Okay, that’s really interesting. So, so not better. And I assume not cheaper either, because those are the the two kinds of commodity you don’t want to be you don’t want to claim to be cheaper because that’s just the race to the bottom. I’ve seen this before in well in several different industries. One I know very well as the web design industry. Were at The bottom end of the market is always being eaten away by, you know, you see ads on TV for build your own website. So the people at the bottom of the market who are compressed competing on price, they’re there one side of them is being taken away by by the do it yourself website builders, and then they’re not in this kind of place where they can move up the food chain. So I think is that kind of what you’re talking about here?

 

Louise Courville  05:24

Absolutely. There’s no way you’re, there’s no, there’s no what how does it then I think it’s Dan Kennedy that says, there’s no, there’s no competitive advantage to being number two, when you’re in a commodity product. So you want to get out of there. And that’s with, there’s two ways you can do that, especially online as coaches and consultants is that you want to create that framework, and you want to create the actual offer that will differentiate you as well. So those, those are the two key components of creating.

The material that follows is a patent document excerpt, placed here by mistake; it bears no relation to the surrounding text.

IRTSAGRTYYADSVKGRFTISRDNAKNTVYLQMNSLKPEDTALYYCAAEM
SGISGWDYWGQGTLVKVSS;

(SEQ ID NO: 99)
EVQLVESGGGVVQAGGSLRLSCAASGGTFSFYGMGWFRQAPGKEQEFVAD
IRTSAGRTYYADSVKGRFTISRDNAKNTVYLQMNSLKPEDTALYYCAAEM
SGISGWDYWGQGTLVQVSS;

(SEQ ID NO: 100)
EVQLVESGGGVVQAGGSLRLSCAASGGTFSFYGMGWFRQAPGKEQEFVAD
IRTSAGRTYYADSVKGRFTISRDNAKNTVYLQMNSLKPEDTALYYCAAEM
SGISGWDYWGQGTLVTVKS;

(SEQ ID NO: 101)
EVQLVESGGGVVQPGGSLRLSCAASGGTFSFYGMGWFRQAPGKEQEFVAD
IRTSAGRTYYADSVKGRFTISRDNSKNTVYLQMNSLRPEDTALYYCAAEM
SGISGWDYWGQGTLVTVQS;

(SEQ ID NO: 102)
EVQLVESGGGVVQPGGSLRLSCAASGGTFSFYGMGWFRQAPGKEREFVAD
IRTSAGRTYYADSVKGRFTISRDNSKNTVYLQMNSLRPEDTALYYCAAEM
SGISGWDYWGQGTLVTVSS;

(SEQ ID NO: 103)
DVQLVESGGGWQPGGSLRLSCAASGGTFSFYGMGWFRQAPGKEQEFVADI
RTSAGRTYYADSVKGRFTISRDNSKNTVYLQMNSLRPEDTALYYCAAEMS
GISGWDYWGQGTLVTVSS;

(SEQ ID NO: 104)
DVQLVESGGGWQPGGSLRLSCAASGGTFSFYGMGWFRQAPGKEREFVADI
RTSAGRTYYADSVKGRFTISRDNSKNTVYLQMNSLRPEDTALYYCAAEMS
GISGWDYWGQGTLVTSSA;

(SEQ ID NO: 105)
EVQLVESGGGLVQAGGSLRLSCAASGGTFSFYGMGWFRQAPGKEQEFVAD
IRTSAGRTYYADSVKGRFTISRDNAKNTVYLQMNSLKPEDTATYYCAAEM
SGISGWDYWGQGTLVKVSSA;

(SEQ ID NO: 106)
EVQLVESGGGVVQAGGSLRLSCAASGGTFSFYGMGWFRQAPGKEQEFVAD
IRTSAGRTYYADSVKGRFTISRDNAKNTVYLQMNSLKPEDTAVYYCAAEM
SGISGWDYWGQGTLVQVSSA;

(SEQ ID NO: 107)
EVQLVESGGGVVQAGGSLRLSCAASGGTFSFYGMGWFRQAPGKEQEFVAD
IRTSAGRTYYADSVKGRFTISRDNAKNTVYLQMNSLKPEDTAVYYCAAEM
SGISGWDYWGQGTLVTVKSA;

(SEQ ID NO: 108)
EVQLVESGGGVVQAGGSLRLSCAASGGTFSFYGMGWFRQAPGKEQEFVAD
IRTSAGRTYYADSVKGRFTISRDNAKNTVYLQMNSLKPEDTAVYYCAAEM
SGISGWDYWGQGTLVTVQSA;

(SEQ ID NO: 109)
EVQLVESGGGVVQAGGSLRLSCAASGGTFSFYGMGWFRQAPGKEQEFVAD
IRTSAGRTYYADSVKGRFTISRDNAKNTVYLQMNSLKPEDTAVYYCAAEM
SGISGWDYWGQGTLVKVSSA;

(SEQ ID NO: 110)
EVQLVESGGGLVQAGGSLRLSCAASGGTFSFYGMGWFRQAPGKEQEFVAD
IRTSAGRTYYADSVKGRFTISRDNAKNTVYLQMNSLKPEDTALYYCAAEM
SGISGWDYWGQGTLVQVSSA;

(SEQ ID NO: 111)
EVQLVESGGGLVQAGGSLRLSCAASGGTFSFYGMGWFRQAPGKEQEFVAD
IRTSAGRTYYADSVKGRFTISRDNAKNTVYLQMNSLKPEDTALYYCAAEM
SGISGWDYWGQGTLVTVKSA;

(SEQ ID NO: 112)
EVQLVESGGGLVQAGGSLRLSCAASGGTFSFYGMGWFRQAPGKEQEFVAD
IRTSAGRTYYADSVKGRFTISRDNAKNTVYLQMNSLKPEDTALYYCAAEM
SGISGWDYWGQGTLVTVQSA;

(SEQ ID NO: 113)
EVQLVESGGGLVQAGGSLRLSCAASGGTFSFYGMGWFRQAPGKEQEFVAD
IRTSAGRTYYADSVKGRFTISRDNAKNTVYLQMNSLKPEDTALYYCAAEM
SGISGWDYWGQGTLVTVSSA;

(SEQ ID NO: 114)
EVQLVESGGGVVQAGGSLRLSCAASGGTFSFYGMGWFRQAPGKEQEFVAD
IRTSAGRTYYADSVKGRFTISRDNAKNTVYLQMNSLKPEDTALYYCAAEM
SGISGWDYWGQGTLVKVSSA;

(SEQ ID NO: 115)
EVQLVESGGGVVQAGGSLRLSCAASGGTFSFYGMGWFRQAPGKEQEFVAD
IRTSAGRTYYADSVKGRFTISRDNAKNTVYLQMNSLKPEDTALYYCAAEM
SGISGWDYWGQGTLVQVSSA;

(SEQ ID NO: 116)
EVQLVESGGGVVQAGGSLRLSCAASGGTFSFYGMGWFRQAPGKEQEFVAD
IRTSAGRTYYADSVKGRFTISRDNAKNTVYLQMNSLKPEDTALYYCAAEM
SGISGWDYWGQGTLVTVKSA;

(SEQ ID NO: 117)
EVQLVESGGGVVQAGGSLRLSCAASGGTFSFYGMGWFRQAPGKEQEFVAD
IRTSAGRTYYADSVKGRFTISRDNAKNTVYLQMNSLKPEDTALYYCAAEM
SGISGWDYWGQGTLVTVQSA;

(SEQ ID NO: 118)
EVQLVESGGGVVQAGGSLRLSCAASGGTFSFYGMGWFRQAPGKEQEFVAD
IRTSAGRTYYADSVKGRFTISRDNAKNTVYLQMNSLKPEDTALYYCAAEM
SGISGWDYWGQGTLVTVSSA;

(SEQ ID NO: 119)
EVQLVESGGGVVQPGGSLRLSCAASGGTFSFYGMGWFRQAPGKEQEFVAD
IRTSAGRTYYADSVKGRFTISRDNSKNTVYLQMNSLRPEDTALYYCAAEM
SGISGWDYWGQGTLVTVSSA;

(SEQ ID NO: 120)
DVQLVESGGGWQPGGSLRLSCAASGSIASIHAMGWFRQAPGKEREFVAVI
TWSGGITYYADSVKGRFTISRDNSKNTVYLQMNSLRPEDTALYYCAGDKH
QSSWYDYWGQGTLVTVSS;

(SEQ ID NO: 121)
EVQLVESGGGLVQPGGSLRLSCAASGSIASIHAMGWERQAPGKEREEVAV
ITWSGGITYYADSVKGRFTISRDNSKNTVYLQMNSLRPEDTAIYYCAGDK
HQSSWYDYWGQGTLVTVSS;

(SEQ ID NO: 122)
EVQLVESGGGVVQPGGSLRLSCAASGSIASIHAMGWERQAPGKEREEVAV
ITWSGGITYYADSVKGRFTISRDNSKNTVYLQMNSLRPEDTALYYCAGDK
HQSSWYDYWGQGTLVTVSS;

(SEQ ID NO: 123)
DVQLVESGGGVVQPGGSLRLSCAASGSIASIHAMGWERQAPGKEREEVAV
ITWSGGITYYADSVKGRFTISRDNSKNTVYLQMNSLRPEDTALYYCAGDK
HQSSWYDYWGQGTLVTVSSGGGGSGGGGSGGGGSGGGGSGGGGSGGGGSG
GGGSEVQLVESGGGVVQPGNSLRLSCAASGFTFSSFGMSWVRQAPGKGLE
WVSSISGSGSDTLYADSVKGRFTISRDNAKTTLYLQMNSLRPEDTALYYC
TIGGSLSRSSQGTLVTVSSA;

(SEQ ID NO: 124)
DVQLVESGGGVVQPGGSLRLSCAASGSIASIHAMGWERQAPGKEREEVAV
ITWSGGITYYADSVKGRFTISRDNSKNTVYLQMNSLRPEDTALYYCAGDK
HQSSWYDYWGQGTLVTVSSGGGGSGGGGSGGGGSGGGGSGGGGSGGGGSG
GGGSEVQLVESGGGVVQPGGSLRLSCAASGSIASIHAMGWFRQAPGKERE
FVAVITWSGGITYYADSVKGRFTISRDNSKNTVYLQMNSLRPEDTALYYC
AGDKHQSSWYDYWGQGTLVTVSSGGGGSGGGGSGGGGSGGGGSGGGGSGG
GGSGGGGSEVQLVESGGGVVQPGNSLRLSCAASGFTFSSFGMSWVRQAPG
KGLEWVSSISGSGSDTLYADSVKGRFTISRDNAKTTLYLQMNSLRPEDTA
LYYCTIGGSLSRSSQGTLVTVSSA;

Alastair McDermott  06:01

Okay, can I ask you that? Because Because we think framework is pretty self explanatory. But we will dig into that a bit more in a minute, can you just talk about an offer that differentiates? Like, what does that actually mean? When he talks about an offer that differentiates you from the market, and when

 

Louise Courville  06:15

When you’re actually looking at building your offer, we want to look at not only the your, your program, or how fast your program allows your, your, your, your client to achieve. What you’re trying to do is also look at how can you, you know, the time factor, okay, and if you looking at time and effort, if you can reduce time and effort in some way inside of your offer, then that will, you know, get them a faster result. And so if you’re looking at creating so one of the things that, you know, we did inside of Virtually FAMOUS Category of One is that we we were we were helping people with their messaging. And once we were helping with with their messaging, we understood that they didn’t understand how to sell their component, they didn’t know how to sell their framework. And so that’s when we started pivoting more to helping them do that. So we created a service inside of our coaching. So we’re building out that whole service side of it, so that people who want to do a web class or a masterclass of some sort, we’ll help them build that. And we’ll help them understand what needs to happen in the psychology of selling. So that the it converts properly. But we’ll also put it in slides for them. And we also design the slides. So we’ve that’s what we’ve done just to give you an an example of how we’re taking our, our coaching to another level.